Friday, August 28, 2015

The Street of a Thousand Blossoms by Gail Tsukiyama

When I started The Street of a Thousand Blossoms I thought I was going to have some issues with it. The characters seemed stiff and distant. My reaction might have had more to do with Japanese culture than with Gail Tsukiyama's writing, but either way it took me awhile to get to know and care for the people in her story. But I couldn't stop listening (I had the audio version of the book read by Stephen Park). The novel is filled with careful descriptions of aspects of Japanese culture, creating a picture of life in Japan during and after World War II that is fascinating.

Then, as I read further, the characters began to come alive. I read another review that criticized the novel for going on too long after the war, but I found the personal tragedies that occurred at the end to be the best part. The characters had interesting reactions to the events they experienced, which made me care for them.

The story is about two brothers whose parents are killed in a ferry accident, so they are raised by their grandparents. One of the brothers, Hiroshi, is a talented sumo wrestler. The other, Kenji, is drawn to make Noh theater masks. Because the brothers are both interested in careers that are important to Japanese culture, Tsukiyama can spend a great deal of time describing those pastimes. Sumo wrestling gets a little more space than Noh theater, which disappointed me a bit. But all the descriptions were interesting to me.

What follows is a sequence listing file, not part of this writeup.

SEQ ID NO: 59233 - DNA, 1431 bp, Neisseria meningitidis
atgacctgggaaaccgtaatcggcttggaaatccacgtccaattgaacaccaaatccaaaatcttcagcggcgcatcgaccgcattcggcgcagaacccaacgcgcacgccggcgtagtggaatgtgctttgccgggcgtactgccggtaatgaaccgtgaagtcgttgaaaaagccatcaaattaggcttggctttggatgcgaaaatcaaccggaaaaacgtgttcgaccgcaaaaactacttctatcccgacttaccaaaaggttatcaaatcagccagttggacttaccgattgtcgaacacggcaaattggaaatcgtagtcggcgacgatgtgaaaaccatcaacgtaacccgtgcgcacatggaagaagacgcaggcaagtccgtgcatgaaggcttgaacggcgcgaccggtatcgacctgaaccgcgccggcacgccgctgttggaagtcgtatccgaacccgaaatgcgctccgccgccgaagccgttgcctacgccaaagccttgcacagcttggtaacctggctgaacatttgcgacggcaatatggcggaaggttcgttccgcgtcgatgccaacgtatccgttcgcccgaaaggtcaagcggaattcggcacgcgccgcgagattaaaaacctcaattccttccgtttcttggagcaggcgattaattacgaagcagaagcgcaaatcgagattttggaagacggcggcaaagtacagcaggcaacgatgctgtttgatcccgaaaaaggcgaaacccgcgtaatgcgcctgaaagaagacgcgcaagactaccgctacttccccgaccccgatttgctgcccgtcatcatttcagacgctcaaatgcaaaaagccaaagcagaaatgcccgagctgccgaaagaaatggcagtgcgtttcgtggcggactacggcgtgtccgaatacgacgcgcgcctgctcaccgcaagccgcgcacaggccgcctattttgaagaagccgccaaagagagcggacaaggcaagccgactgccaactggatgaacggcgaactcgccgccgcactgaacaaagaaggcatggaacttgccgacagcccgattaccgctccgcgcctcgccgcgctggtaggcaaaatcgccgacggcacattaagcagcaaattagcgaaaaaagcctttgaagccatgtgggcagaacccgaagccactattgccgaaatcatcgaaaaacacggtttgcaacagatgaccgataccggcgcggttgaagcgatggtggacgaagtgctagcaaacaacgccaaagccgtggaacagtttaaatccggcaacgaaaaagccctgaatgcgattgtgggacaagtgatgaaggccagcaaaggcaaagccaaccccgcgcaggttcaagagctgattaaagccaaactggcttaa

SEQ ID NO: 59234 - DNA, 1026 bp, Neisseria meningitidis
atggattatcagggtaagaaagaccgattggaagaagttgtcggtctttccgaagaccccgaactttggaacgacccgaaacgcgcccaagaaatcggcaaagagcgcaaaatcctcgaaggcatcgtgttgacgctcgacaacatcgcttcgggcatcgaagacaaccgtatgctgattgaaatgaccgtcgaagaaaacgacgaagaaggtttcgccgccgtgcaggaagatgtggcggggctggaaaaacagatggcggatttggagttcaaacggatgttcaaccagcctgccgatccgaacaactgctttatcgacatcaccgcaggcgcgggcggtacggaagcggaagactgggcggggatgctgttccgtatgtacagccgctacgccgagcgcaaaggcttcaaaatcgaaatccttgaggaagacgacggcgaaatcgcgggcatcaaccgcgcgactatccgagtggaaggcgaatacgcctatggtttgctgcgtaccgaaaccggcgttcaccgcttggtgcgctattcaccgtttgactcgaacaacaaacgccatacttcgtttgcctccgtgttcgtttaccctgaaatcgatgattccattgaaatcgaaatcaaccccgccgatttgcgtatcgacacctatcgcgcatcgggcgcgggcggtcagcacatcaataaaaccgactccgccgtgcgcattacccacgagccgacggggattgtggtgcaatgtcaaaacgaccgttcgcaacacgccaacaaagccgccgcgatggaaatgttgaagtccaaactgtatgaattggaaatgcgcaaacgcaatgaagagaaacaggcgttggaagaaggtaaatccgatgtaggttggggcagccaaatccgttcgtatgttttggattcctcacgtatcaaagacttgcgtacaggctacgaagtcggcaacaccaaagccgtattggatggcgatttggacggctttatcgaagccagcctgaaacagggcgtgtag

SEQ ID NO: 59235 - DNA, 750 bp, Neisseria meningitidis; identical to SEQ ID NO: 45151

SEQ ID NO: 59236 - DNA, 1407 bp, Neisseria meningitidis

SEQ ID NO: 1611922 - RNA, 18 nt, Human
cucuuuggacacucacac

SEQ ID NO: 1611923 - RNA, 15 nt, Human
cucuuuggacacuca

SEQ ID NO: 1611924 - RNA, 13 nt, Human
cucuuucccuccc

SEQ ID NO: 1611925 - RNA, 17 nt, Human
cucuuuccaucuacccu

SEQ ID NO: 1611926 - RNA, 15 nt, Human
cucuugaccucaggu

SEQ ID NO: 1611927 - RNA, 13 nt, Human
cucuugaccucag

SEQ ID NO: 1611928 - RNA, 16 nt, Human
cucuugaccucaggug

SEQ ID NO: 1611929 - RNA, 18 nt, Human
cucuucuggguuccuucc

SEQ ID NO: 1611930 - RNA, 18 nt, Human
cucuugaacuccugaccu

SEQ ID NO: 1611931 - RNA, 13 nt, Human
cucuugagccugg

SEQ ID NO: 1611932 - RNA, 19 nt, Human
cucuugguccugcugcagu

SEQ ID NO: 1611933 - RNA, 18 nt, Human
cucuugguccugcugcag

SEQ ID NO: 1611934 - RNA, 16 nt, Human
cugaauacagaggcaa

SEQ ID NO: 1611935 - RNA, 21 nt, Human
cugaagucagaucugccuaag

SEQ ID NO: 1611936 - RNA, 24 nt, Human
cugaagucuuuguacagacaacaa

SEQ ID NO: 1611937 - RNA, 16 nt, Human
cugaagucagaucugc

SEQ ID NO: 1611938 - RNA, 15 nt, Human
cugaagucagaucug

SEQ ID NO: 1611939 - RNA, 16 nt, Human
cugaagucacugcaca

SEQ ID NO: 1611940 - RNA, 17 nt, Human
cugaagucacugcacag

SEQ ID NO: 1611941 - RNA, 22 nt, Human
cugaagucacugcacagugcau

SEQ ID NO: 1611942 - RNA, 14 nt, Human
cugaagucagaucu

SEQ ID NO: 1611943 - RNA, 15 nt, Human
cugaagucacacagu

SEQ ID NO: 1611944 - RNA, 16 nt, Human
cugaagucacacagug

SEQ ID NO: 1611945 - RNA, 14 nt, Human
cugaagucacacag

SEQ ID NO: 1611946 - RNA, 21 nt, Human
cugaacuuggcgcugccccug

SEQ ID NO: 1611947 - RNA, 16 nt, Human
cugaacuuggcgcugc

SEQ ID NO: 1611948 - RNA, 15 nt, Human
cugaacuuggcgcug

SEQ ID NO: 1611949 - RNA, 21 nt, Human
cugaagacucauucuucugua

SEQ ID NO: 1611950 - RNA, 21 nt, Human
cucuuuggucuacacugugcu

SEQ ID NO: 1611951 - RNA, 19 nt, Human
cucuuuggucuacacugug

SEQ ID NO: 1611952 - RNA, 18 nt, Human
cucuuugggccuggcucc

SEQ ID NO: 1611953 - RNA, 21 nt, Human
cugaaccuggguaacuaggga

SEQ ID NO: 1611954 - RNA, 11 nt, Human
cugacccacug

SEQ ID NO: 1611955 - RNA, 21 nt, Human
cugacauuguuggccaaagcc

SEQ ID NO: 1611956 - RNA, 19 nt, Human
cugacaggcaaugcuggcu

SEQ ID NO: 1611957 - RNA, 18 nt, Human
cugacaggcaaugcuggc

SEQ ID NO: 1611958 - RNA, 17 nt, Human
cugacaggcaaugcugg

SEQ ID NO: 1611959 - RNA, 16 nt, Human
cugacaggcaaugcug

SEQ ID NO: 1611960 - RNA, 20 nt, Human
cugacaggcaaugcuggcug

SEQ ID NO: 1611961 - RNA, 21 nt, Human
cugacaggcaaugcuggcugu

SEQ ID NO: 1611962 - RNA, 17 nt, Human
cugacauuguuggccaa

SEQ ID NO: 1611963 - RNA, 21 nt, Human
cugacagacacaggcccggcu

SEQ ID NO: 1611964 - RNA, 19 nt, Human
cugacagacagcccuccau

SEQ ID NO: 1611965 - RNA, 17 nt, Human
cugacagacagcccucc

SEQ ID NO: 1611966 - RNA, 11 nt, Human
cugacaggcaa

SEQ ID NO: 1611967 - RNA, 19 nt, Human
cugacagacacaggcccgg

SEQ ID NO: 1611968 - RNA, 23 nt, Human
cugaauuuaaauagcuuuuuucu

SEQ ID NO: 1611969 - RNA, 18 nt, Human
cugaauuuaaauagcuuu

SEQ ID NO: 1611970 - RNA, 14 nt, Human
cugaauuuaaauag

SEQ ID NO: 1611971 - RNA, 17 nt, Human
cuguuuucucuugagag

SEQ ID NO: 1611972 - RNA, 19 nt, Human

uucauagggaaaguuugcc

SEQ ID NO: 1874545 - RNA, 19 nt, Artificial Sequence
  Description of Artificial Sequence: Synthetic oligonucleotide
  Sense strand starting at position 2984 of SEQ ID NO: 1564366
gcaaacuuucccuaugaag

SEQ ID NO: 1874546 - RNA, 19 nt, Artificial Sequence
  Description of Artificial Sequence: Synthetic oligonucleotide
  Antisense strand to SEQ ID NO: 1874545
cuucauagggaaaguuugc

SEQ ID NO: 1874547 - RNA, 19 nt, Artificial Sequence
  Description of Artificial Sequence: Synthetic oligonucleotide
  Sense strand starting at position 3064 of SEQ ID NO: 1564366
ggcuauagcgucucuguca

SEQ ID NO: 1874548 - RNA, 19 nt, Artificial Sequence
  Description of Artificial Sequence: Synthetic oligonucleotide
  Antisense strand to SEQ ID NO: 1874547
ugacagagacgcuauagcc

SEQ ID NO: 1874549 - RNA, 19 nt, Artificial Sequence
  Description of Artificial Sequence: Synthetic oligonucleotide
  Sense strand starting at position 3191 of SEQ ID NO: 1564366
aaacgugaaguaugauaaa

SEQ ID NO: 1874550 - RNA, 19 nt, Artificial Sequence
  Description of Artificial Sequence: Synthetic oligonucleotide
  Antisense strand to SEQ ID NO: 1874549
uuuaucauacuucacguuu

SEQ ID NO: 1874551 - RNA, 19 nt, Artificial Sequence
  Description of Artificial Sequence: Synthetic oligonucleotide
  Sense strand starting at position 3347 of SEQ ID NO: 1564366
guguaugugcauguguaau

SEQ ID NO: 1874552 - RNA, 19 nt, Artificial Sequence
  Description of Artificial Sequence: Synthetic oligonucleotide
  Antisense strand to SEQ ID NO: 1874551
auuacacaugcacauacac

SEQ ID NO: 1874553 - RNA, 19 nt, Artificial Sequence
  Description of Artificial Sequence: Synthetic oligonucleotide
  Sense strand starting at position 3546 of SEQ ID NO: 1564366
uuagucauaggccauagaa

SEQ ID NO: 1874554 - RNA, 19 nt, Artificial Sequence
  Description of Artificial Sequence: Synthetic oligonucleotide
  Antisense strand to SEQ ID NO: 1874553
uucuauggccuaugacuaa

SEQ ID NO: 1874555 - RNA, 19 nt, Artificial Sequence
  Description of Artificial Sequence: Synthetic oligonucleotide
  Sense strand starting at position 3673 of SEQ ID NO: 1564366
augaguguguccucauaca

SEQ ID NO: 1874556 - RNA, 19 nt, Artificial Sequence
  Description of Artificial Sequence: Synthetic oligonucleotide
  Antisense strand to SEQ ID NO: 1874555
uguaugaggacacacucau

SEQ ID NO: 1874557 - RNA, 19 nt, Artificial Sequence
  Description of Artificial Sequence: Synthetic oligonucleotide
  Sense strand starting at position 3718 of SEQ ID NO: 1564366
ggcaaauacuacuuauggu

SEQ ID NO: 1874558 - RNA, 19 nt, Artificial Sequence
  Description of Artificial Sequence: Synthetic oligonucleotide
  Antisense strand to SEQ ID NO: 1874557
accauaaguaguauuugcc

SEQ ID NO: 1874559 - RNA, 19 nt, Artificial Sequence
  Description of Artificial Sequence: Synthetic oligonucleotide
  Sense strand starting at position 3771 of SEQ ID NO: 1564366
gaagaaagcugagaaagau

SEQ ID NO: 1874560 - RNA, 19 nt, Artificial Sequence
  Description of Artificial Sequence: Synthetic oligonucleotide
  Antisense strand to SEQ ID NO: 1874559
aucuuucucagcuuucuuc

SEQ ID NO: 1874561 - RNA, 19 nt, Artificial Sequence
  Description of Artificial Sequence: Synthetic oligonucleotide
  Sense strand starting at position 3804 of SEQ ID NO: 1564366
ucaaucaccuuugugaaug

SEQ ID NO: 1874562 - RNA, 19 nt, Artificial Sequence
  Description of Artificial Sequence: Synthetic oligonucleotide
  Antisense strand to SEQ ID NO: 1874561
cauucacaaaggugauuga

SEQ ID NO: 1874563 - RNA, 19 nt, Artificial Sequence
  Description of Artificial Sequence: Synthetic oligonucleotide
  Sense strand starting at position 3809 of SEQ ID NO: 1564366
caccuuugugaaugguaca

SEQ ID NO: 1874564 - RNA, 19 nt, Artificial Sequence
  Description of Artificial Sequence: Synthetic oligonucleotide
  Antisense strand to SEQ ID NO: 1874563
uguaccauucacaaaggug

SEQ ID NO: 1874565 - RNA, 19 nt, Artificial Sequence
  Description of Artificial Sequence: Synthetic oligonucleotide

I had some trouble with the names. I don't speak Japanese, so the sounds didn't stick with me as well as English names would. Combine that with the fact that the author used nicknames, surnames, and titles as well as the common names for some of the characters and I was confused. But after I listened to the narrative for awhile, the story always straightened itself out.

I would recommend this novel to anyone who would like to learn more about Japanese culture, especially around World War II.

Steve Lindahl – author of Motherless Soul and White Horse Regressions

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